There is a journal which allows you to make notes that can be shared with others and will build up a further resource for the site in the future. There is a place to record sites visited and also to share these with others who are researching the same subject as you.

As if this wasn’t enough there are suggested websites, videos, images, a multiple choice type quiz to aid in the memorisation of the facts and a section that lists concepts that can be clicked.

In a very short space I learnt the basic facts about Einstein’s biography. Of his rise to fame as a scientist. I learnt that he had won the Nobel Prize in 1921 for his work on the Photoelectric Effect and that his theory of Relativity was very controversial at the time that he put it forward.

I found a reference to a video entitled: “Einstein’s Theory of Relativity Made Easy”. The video certainly lived up to it’s billing and was a good way for a layman such as myself to appreciate what all the fuss about Relativity was about.

All in all I learnt a lot about Einstein very quickly, I was able to use a multimedia approach to get information and I could have added what I learnt to a journal if I had wanted and could have shared this with others.

I think that Instagrok is a brilliant idea and one that I can thoroughly recommend to others. Has anyone come upon a better educational search engine? If so.. please let me know.

 

Why I shall be joining the U3A

I have recently undergone what is sometimes called a “life transformation”. I took voluntary redundancy and early retirement from my work as a Primary Mathematics Consultant with Southend-On-Sea Borough Council.

Retirement can be a very daunting experience as many of you may know. It marks the point at which you have a defined role within society and also the thing that takes up a large proportion of your week.

Not only did I retire though, my wife and I decided to put our house on the market and to relocate to Lincolnshire where her two sisters had blazed a trail by both moving in the last two years.

I was therefore in the throes of trying to sell a house, get rid of accumulated rubbish and old clothes that haven’t been worn in years as well as getting accustomed to not getting ready for work, ironing my shirts and checking my diary for forthcoming courses or meetings.

We found a lovely new two-bedroomed flat in Market Deeping, which is a lovely town on the border of Cambridgeshire and right next to the outskirts of the City of Peterborough. We are hoping to move in May.

I had decided, when I first thought of the prospect of retirement that I needed to do two things. I would make sure that I kept this blog running.It has been a constant source of enjoyment to me to learn new things and also to try and explain my thoughts and ideas to others .

The other thing was to join the University of the Third Age otherwise known as U3A. I first got to know about this organisation from my wife who went along to a few meetings a couple of years ago with some friends. As I was working at the time I did not really qualify for membership but did take the trouble to look up the U3A website.

I was really excited by an organisation that, as one member says in a video about the organisation, “has no curriculum, is about learners teaching and teachers learning and is free of Government connections or control”. The 30 year history of the organisation is well explained on the website. An important point was to allow freedom to explore, learn and participate without any tests, exams or restrictions.  This it has done brilliantly and it now has thousands of members throughout the country as well as being a part of the international U3A movement.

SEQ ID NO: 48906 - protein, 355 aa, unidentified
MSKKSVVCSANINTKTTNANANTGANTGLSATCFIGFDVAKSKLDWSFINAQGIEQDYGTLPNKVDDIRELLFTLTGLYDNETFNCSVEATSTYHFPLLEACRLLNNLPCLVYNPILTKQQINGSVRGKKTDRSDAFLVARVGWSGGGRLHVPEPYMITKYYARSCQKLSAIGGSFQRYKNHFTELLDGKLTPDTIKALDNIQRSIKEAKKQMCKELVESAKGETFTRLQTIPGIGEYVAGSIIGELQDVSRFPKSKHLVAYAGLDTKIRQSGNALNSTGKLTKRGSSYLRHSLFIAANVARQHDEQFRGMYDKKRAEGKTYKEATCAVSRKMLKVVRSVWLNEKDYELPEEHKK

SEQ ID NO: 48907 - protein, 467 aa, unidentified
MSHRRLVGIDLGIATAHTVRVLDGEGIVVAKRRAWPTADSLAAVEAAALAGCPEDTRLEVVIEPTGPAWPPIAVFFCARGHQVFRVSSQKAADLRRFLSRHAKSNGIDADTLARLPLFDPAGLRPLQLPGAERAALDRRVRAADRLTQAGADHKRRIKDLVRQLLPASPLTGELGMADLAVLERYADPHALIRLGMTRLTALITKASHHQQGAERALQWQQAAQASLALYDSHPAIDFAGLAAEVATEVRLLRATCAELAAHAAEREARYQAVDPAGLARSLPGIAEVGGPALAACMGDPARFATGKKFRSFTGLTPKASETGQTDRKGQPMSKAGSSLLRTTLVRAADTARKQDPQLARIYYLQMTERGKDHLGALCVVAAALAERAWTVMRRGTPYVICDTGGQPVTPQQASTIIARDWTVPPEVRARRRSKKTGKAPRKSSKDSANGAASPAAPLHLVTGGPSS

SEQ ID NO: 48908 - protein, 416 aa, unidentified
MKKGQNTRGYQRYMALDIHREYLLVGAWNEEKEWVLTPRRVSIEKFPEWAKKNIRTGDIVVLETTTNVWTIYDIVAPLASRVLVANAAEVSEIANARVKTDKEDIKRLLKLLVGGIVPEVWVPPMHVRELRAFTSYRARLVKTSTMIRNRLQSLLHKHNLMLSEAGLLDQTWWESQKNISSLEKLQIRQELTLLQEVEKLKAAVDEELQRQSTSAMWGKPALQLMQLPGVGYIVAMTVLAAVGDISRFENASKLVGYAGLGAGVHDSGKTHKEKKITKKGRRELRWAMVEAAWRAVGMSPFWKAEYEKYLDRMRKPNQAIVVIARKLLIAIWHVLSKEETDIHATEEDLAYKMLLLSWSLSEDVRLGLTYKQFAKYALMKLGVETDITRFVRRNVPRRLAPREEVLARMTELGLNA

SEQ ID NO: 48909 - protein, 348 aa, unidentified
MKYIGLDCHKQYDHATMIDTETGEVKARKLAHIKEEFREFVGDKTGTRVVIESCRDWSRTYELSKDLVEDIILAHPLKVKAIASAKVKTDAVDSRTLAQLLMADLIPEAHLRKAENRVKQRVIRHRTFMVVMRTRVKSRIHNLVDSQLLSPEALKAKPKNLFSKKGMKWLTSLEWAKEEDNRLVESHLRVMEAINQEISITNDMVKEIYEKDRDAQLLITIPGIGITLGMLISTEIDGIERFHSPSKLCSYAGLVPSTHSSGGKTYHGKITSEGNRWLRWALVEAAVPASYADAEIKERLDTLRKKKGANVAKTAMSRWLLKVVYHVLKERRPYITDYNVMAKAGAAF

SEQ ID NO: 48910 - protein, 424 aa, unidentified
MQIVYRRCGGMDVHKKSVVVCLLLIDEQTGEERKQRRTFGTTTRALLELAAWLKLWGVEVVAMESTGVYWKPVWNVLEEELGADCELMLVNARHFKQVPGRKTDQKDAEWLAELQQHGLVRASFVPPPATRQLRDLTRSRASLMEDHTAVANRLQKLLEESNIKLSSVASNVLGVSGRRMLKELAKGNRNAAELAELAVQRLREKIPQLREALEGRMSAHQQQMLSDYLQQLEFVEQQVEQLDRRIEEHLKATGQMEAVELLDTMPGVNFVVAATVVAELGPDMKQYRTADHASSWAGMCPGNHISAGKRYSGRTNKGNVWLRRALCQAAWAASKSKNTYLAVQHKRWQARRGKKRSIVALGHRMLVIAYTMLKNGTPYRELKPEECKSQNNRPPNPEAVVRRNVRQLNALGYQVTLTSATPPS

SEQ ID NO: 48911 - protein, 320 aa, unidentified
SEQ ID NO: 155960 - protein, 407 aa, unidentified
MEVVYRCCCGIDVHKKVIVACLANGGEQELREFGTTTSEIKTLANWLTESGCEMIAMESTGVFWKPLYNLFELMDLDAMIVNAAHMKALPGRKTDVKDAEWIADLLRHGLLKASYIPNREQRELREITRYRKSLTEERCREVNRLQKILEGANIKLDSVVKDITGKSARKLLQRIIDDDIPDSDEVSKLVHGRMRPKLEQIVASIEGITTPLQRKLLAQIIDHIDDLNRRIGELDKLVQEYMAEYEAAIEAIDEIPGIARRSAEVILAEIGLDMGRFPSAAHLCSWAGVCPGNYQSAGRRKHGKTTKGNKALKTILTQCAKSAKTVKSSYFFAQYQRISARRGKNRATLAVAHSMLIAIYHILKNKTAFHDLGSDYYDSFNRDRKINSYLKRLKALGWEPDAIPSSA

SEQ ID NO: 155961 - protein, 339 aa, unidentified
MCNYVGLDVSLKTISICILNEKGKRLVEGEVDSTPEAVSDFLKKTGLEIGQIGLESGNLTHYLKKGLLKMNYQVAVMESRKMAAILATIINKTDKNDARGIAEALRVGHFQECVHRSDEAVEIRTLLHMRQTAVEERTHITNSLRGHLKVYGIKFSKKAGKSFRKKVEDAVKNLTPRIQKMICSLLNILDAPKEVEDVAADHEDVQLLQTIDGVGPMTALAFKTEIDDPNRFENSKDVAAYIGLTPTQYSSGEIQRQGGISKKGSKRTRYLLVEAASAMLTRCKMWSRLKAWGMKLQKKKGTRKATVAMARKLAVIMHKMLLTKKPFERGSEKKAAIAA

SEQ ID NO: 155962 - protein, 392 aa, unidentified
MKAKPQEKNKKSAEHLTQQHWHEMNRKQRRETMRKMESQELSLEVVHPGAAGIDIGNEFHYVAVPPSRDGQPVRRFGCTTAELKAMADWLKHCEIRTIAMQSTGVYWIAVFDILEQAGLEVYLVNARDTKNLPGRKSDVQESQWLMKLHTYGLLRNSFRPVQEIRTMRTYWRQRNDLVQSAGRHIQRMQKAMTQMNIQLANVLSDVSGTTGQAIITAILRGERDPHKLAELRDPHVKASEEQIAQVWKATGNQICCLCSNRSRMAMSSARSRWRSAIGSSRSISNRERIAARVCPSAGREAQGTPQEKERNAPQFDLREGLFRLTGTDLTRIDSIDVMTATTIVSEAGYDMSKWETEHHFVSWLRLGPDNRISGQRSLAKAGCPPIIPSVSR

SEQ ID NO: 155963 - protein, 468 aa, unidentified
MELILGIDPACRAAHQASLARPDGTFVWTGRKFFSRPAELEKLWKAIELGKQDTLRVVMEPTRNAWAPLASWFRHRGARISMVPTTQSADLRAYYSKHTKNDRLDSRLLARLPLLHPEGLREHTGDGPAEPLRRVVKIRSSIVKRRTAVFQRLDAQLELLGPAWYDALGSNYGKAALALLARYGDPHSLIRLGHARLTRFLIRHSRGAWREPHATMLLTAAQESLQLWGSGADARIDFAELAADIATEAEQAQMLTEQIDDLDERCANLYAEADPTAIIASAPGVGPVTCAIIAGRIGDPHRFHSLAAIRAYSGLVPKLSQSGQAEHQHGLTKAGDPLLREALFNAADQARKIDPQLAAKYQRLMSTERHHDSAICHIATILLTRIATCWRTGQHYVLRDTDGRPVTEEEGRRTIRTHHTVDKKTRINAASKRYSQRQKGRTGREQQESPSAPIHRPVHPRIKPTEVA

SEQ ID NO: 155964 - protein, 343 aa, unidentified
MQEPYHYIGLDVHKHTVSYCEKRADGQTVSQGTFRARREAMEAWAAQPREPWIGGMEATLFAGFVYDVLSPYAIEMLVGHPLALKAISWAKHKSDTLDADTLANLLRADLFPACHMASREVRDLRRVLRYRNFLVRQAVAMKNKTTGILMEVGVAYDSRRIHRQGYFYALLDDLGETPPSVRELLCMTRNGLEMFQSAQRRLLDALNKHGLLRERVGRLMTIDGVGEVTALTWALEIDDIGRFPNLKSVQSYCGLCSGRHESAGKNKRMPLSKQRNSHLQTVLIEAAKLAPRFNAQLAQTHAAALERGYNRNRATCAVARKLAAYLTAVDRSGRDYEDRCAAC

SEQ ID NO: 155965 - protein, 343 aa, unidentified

I shall be contacting the Deepings U3A , which I have found, from their website, has a number of groups. My wife and are are both interested in going to the Jazz Appreciation group and I hope to continue my learning of Spanish. I am also hoping that I can start a group of my own. Maybe one on blogging…..I do have a bit of experience at that!

The U3A have  made a number of videos about their organisation. One of my favourites is called “From Ukeles to Genealogy“.  I think it explains just why so many people get so much out of the organisation.

 

 

 

Mathematics without words

I have just come upon this excellent TedX Talk by Dr Matthew Peterson of the Mind Research Institute.

The pie-chart at the beginning of the video is a very powerful explanation of why he believes that the majority of pupils in schools do not learn by words. He explains that he himself has Dyslexia and did not read until the 5th Grade (Year 6). He then gives us a chance to see the excellent computer assisted learning programs featuring a Penguin, Jiji, that have been developed at the Mind Research Institute to help children (particularly those with difficulties in learning with words) to learn mathematics.

The results in California (where the Institute has its home) and in other parts of the U.S.A. have been impressive. Children are not threatened by the barrier of learning mathematical concepts using the medium of language. There are some really good examples of how the programs work on the Mind Research Institute’s website. There are also a number of really good videos, many of them moving testimonials about children with difficulties becoming confident and proficient in this most important area of the curriculum.

As someone who has an interest in mathematical education as well as a person who has recently become fascinated in learning about how our mind works by the study of neuroscience, it is really good to see how computer-assisted learning using good research can be effective in giving us answers to how we can help pupils to overcome difficulties in learning mathematics. I would very much like to see Jiji arrive on our shores here in Britain and would be interested to see how British pupils might benefit from these programs.